Skunk Spray: Beyond Basic Chemistry?

Basically, people know that skunks stink. And most people associate skunks with rabies…even though humans are much more likely to contract rabies from the bite of another rabid mammal, such as a bat, cat, or dog.

What would you do if you encountered a skunk while out on a casual day hike? Or what would you do if a skunk casually cruised into your campsite? If you don’t know much more about skunks beyond the above two common myths, read my article on the About.com Survival Skills website:

“How to Survive a Skunk Encounter”

In the process of writing the article, I became more interested in what goes into a skunk’s stink. Like many other people, I originally thought that skunks spray urine, but I found out that they actually produce sulfurous chemicals containing thiols in anal scent glands. Thiols also give garlic and onions their strong odors. Go figure.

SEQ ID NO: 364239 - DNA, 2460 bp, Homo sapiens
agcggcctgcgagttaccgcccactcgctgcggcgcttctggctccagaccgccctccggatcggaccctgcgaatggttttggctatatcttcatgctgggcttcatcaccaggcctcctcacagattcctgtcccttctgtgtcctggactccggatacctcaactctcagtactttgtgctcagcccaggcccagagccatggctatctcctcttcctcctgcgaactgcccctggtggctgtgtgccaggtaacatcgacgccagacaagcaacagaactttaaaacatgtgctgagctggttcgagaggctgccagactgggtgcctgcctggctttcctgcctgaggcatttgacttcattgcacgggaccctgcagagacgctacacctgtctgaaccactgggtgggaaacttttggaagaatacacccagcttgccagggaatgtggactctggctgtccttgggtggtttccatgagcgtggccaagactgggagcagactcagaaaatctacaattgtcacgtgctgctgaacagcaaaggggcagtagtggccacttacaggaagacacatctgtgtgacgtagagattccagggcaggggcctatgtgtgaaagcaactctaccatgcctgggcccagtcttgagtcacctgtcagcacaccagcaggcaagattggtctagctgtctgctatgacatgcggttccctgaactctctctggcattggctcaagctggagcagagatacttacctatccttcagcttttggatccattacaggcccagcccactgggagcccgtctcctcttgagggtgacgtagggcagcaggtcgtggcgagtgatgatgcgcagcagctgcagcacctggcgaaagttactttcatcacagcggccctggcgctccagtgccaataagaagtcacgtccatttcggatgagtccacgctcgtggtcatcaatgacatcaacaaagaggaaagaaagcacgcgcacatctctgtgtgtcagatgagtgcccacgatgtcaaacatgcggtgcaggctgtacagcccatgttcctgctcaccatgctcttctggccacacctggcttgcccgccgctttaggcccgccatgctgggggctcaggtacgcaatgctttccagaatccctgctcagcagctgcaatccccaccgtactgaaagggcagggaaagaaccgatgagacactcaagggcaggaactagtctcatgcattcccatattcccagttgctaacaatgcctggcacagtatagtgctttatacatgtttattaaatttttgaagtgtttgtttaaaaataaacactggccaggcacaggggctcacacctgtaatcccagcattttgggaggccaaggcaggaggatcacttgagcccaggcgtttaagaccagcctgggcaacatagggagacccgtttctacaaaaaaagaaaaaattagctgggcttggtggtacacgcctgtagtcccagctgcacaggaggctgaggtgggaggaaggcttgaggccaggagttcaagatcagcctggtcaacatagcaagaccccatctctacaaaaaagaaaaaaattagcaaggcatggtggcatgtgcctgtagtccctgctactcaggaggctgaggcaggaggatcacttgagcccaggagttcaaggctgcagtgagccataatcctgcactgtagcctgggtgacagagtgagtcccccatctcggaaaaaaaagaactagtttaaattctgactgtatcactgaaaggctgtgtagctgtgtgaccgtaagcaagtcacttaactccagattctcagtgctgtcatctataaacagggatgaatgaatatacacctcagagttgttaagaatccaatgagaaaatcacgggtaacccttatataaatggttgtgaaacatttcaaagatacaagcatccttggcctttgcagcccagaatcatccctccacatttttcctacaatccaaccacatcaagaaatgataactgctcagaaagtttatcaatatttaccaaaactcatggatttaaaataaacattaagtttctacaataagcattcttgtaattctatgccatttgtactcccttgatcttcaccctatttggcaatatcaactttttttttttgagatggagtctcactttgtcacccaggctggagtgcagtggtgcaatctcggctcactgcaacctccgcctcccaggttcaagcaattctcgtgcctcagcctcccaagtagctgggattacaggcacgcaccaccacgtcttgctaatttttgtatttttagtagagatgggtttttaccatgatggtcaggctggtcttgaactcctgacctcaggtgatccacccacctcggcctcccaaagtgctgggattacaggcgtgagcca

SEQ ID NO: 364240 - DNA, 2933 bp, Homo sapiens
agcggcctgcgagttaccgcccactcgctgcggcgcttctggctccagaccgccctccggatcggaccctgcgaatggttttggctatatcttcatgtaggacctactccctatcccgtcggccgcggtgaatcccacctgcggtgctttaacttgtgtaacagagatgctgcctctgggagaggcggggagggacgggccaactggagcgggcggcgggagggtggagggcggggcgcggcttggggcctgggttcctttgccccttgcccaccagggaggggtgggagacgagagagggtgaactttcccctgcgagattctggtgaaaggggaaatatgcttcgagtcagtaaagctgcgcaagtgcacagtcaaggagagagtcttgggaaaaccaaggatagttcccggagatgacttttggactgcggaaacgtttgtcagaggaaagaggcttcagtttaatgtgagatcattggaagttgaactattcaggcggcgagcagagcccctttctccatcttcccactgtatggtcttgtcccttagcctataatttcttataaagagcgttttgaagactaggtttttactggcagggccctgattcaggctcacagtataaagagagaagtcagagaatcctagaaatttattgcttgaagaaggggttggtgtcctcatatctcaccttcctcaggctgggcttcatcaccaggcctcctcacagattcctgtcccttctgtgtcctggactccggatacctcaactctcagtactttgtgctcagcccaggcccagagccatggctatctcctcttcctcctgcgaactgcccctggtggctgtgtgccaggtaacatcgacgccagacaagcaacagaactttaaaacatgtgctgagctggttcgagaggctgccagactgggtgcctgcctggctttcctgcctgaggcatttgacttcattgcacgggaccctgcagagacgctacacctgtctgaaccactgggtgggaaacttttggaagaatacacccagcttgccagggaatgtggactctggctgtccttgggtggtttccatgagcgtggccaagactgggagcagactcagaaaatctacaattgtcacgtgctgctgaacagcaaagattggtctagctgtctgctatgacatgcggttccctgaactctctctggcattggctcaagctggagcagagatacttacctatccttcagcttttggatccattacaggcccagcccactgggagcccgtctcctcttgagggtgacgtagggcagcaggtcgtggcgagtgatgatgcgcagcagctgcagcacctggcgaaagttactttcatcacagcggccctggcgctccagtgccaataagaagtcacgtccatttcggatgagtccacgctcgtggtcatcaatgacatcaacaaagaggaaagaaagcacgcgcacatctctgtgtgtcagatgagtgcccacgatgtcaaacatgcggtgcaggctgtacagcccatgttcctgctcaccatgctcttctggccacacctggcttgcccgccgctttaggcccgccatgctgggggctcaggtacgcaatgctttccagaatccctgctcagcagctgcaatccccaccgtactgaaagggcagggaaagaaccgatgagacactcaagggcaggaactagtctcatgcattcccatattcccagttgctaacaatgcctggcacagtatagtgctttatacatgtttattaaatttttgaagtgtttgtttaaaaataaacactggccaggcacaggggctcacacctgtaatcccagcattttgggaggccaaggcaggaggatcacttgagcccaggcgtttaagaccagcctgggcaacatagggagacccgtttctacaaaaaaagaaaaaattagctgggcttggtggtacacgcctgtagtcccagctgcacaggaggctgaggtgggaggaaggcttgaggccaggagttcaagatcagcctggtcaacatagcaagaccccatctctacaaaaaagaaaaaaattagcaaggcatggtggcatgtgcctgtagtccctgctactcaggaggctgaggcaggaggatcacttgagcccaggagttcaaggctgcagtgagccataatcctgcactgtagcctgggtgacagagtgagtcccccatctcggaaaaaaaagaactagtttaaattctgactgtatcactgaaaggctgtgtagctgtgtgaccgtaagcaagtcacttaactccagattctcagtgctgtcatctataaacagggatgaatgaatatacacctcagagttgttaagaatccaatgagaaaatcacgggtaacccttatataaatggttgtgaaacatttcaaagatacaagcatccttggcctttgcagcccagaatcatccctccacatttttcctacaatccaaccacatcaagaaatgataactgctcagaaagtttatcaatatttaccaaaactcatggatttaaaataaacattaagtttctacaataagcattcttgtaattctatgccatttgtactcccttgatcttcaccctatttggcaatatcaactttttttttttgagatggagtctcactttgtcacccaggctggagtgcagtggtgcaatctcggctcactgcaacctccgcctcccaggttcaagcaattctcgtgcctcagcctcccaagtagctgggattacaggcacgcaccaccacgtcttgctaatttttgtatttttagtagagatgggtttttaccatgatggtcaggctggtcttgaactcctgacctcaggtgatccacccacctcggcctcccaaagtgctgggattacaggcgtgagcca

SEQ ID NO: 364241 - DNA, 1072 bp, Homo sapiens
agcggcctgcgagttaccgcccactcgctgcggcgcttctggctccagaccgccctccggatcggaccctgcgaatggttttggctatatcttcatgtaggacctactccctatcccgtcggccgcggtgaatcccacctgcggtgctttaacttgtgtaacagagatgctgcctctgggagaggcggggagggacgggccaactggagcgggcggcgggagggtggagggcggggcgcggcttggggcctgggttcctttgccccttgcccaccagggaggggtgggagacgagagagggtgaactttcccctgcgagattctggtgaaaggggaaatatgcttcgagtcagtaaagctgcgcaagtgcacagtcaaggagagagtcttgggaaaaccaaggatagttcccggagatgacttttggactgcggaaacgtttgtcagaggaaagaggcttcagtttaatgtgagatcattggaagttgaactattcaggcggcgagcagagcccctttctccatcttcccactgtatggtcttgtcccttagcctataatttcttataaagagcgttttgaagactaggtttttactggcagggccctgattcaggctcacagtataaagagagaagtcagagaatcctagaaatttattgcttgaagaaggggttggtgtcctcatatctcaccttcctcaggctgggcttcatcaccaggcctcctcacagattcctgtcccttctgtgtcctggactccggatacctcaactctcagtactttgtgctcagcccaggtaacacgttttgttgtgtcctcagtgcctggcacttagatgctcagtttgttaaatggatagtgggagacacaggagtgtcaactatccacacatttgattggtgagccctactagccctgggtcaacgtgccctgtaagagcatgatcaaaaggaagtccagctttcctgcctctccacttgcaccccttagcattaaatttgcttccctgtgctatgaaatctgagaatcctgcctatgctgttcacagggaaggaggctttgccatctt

This PBS video, a portion of a longer segment on skunks, offers a brief, yet interesting explanation of the chemistry behind a skunk’s stink:

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